Factoids I recall from the 2012 campaign are his successful grandfather fashioned the business in large part on road-building (public works) and when his father died, he received Social Security survivor benefits until adulthood.

    Did he ask for them in a plain paper bag like everybody else?

  40. 40
    Woodrowfan says:

    the Irish are also, AFAIK, the only white group to be drawn as apes by editorial cartoonists in the 19th century. Usually it was only African-Americans who got that treatment.

  41. 41
    Tommy says:

    @Seanly: As a Scottish immigrate (family came here is 1872) we got no love for the British either. My former family members jointly feel your pain. Honest I am not an expert on the history of the times, and I think the Irish had it worse. I mean I don’t dislike the British, but well I bet it wasn’t too many generation in the past I had American family members that were not fans.

  42. 42
    opiejeanne says:

    @Mnemosyne: I read that part of the problem was caused by this idea that the Irish were too damned happy and self-sufficient with their little patch of ground behind the cottage for potatoes and a pig, and that these rurals needed to be reformed. for some reason.

    Also, the great class of absentee owners was created when the English decided to tax the snot out of the English who lived on their Irish property to force them to sell to the ultra-wealthy, because they had gone native and become more Irish than the Irish. .

  43. 43
    Schlemizel says:


    Me too – it is hard not to given the parallels.

  44. 44
    JPL says:

    @Gin & Tonic: A friend of mine is reading the Bloodlands which goes into great detail about Ukraine crisis. The Koch brothers can be proud of their ancestry who made money because the Soviets paid them with cash from that grain.

  45. 45
    bemused says:


    I noticed the same prejudiced language about immigrants when touring Ellis Island. We never seem to learn.

  46. 46
    Elizabelle says:

    @Villago Delenda Est:

    No wonder cultural conservatives decry a liberal education.

    Get a gander at history, your own and other cultures’, and literature, throw in a little critical thinking or at least comparative review skills, and you get a pretty good idea which ideas help develop a just society, and which destroy it.

    Extraction economy. And now Paul Ryan and his ilk don’t even want to fund poor kids’ lunches.

  47. 47
    opiejeanne says:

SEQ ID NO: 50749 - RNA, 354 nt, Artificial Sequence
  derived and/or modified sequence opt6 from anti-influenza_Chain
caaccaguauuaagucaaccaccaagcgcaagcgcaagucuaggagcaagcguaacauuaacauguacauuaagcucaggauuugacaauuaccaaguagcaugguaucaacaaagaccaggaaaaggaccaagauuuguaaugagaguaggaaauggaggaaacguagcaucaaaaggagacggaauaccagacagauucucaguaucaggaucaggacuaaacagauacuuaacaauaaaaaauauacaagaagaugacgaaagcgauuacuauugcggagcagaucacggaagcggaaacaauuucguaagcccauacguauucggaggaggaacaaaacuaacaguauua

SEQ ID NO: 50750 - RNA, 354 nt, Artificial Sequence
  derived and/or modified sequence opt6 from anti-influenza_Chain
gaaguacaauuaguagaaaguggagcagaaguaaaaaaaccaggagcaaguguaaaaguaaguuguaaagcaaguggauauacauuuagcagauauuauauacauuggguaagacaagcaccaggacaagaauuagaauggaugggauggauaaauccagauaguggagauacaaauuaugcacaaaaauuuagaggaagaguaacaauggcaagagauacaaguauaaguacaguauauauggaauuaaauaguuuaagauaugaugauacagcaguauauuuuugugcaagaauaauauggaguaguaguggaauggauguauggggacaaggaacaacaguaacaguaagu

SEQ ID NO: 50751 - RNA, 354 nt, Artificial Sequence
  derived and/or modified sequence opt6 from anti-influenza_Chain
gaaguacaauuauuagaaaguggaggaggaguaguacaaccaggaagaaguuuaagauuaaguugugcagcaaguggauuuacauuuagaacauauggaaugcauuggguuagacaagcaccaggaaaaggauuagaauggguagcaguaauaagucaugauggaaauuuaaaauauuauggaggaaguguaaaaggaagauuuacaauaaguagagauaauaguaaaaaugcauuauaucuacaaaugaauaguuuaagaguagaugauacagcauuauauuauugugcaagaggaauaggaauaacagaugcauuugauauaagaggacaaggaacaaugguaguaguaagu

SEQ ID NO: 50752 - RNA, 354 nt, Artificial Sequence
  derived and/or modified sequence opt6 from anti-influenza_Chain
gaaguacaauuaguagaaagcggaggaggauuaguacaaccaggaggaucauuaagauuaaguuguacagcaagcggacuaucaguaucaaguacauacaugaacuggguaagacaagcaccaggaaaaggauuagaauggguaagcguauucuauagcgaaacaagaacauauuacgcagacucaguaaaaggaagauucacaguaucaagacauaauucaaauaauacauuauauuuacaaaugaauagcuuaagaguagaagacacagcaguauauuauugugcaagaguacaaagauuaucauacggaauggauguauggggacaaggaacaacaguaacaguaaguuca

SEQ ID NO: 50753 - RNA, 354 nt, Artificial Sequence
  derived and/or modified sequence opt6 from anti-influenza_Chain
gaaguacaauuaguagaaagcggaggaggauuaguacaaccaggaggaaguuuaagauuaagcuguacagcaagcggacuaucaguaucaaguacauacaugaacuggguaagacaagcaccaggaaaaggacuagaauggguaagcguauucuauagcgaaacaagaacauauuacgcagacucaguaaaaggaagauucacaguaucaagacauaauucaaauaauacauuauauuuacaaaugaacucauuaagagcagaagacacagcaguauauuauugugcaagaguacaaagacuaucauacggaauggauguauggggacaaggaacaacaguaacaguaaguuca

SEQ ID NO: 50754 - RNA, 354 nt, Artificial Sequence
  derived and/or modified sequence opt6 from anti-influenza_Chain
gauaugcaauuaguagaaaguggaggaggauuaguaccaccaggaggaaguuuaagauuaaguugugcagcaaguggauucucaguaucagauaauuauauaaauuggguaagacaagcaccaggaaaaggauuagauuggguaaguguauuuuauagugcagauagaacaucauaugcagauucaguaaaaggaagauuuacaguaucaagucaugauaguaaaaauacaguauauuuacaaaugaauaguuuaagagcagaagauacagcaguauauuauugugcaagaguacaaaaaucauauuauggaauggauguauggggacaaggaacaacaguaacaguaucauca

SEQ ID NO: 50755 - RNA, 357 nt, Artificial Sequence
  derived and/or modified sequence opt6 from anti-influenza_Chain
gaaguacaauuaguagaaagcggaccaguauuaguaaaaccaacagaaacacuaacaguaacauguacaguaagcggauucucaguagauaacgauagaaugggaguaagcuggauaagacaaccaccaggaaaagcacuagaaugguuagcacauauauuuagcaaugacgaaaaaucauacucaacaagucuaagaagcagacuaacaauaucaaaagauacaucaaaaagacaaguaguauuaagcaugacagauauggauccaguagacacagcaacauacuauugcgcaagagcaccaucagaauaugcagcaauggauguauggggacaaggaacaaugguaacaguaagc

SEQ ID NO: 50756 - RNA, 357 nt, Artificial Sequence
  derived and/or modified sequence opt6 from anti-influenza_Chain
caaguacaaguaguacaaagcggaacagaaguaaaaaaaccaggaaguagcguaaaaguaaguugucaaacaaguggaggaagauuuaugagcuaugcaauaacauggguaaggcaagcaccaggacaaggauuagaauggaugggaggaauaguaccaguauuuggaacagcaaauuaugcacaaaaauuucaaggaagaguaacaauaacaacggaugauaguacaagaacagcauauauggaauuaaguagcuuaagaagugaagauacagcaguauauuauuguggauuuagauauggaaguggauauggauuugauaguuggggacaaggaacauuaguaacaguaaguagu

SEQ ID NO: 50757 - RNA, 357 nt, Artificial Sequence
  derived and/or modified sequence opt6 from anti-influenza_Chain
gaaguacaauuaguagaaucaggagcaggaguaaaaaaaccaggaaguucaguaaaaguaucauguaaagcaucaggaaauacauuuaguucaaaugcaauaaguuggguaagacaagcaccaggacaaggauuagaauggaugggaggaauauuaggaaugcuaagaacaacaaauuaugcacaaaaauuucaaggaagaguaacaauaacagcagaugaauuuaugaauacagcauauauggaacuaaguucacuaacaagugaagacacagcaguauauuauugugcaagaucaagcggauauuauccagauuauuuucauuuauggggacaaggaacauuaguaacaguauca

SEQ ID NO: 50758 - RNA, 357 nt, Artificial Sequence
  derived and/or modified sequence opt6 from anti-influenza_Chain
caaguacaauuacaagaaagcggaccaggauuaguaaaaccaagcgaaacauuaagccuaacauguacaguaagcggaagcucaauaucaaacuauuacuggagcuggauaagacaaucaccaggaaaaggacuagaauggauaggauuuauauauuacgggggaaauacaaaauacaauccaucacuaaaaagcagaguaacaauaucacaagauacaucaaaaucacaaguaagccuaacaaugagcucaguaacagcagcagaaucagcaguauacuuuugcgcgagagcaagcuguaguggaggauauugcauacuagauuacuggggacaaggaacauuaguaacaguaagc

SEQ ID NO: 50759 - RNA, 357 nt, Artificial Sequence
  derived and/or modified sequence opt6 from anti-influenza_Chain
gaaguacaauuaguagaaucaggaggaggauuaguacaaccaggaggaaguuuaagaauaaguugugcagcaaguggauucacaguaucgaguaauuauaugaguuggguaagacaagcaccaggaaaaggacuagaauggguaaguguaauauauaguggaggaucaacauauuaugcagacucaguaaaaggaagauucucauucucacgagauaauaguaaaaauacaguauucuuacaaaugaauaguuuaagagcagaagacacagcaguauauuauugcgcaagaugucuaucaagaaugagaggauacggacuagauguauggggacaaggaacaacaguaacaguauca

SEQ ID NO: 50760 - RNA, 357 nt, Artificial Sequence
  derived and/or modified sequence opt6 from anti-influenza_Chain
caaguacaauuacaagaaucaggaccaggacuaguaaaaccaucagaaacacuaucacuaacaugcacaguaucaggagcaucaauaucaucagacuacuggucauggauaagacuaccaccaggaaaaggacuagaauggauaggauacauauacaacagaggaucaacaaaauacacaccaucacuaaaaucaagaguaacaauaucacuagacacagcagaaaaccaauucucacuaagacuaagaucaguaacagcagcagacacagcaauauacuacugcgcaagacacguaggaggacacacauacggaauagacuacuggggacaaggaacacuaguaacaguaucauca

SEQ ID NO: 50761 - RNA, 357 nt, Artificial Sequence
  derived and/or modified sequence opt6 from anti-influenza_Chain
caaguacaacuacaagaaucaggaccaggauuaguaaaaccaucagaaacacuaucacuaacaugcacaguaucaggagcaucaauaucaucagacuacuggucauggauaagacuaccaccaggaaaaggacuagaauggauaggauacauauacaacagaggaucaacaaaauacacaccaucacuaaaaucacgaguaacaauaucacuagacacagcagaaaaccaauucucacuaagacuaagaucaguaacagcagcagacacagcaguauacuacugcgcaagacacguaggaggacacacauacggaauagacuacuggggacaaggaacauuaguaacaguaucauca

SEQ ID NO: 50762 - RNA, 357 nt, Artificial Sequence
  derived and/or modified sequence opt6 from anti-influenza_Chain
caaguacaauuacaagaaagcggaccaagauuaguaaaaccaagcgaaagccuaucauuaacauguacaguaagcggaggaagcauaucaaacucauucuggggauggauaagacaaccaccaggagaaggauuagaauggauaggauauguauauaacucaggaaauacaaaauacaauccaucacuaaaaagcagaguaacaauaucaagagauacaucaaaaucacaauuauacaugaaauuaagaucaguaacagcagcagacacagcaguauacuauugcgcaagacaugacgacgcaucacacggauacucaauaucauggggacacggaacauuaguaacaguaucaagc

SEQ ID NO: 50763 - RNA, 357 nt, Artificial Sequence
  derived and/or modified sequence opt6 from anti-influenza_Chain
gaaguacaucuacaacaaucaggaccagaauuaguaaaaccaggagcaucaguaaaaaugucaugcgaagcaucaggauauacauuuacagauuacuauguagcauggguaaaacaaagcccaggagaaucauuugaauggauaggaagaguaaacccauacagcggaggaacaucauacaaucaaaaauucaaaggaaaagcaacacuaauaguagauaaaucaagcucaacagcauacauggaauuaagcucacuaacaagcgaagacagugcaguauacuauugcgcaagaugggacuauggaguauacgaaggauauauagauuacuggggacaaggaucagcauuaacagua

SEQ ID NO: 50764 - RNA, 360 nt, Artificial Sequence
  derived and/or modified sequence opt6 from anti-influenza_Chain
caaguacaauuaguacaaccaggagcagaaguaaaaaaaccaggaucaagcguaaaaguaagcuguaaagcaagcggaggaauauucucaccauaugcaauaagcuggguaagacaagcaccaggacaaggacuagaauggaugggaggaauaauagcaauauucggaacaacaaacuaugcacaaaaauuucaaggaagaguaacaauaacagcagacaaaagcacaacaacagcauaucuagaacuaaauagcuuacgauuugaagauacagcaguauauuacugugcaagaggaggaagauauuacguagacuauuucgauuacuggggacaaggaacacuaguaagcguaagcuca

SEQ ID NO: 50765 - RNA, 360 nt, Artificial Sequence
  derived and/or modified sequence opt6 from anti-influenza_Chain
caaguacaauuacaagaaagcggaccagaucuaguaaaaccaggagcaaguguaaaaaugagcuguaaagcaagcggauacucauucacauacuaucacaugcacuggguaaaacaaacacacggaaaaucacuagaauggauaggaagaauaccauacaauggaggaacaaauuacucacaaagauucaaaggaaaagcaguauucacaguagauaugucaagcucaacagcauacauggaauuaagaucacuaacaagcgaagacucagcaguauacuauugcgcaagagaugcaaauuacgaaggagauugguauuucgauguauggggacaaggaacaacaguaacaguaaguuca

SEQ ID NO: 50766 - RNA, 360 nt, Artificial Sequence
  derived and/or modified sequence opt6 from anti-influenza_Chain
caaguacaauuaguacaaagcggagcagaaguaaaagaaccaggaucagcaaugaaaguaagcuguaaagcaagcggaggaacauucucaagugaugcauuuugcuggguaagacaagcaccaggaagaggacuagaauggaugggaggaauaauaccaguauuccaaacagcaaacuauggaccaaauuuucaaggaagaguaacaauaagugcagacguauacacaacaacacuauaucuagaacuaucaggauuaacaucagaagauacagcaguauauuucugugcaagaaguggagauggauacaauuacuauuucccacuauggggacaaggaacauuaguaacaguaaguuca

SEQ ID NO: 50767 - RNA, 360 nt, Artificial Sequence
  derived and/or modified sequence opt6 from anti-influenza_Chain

@Tommy: Part of my Irish family, the part that still lives in Canada, was unaware that they were not Scots, unaware that their great great grandfather (and mine) was born in Ireland. John the Immigrant (to differentiate him from my great grandfather) was in Canada by 1832, at age 30-ish. He had 12 sons (!!!) and the ones that stayed in the Toronto area married Scottish women who insisted to their children that the Old Man was Scottish. I tracked down one of these descendants (we’re 5th cousins) a few years ago and he hadn’t found out a thing about John the Immigrant because he was looking in Glasgow. He became very upset when I explained that he was looking in the wrong place. I only knew because a nice lady had looked up the info in the Canadian census and at the cemetery.
    There is still a lot of prejudice against the Irish in certain areas of Canada, and more prestige in being a Scot.

  48. 48
    Anne Laurie says:

    @Tommy: Heck, the original “No [immigrants] need apply” American, to my knowledge, was jolly old Ben Franklin — he didn’t think “we” should allow a bunch of filthy Germans to emigrate to Pennsylvania, since they were brutish peasants who’d never learn to speak English or go to the proper church, and their hordes of half-starved children would only end up as a burden on the community!

  49. 49
    JPL says:

    @Schlemizel: In order for capitalism to survive, someone has to be blamed. It keeps wages low. It doesn’t matter how hard working the class is because they will be considered the others.

  50. 50
    JPL says:

    double post.. sorry

  51. 51
    Tommy says:

    @JPL: Got Bloodlines bookmarked in Google Play. This is becoming a topic I am very interested in. One is where I live the local history museum had a special exhibit that had letters of the first Germans that came here 200+ years ago. They said they were almost surfs in Germany and when they saw the soil, the ponds and streams, and land they could own for as far at the eyes could see, they broke down and cried.

    Then in the History Chanel show Vikings (which I realize isn’t most likely based on much fact) when they are raiding England the leader, who came from a family of farmers, said the wealth of the nation wasn’t in their gold. It was in their soil. That crops could grow everywhere. They could feed their families and never worry again.

    I just think as we move forward. Global warming. All the problems. Those folks that have water and soil that can grow food, well their land might be a lot more important then land that has oil under it now.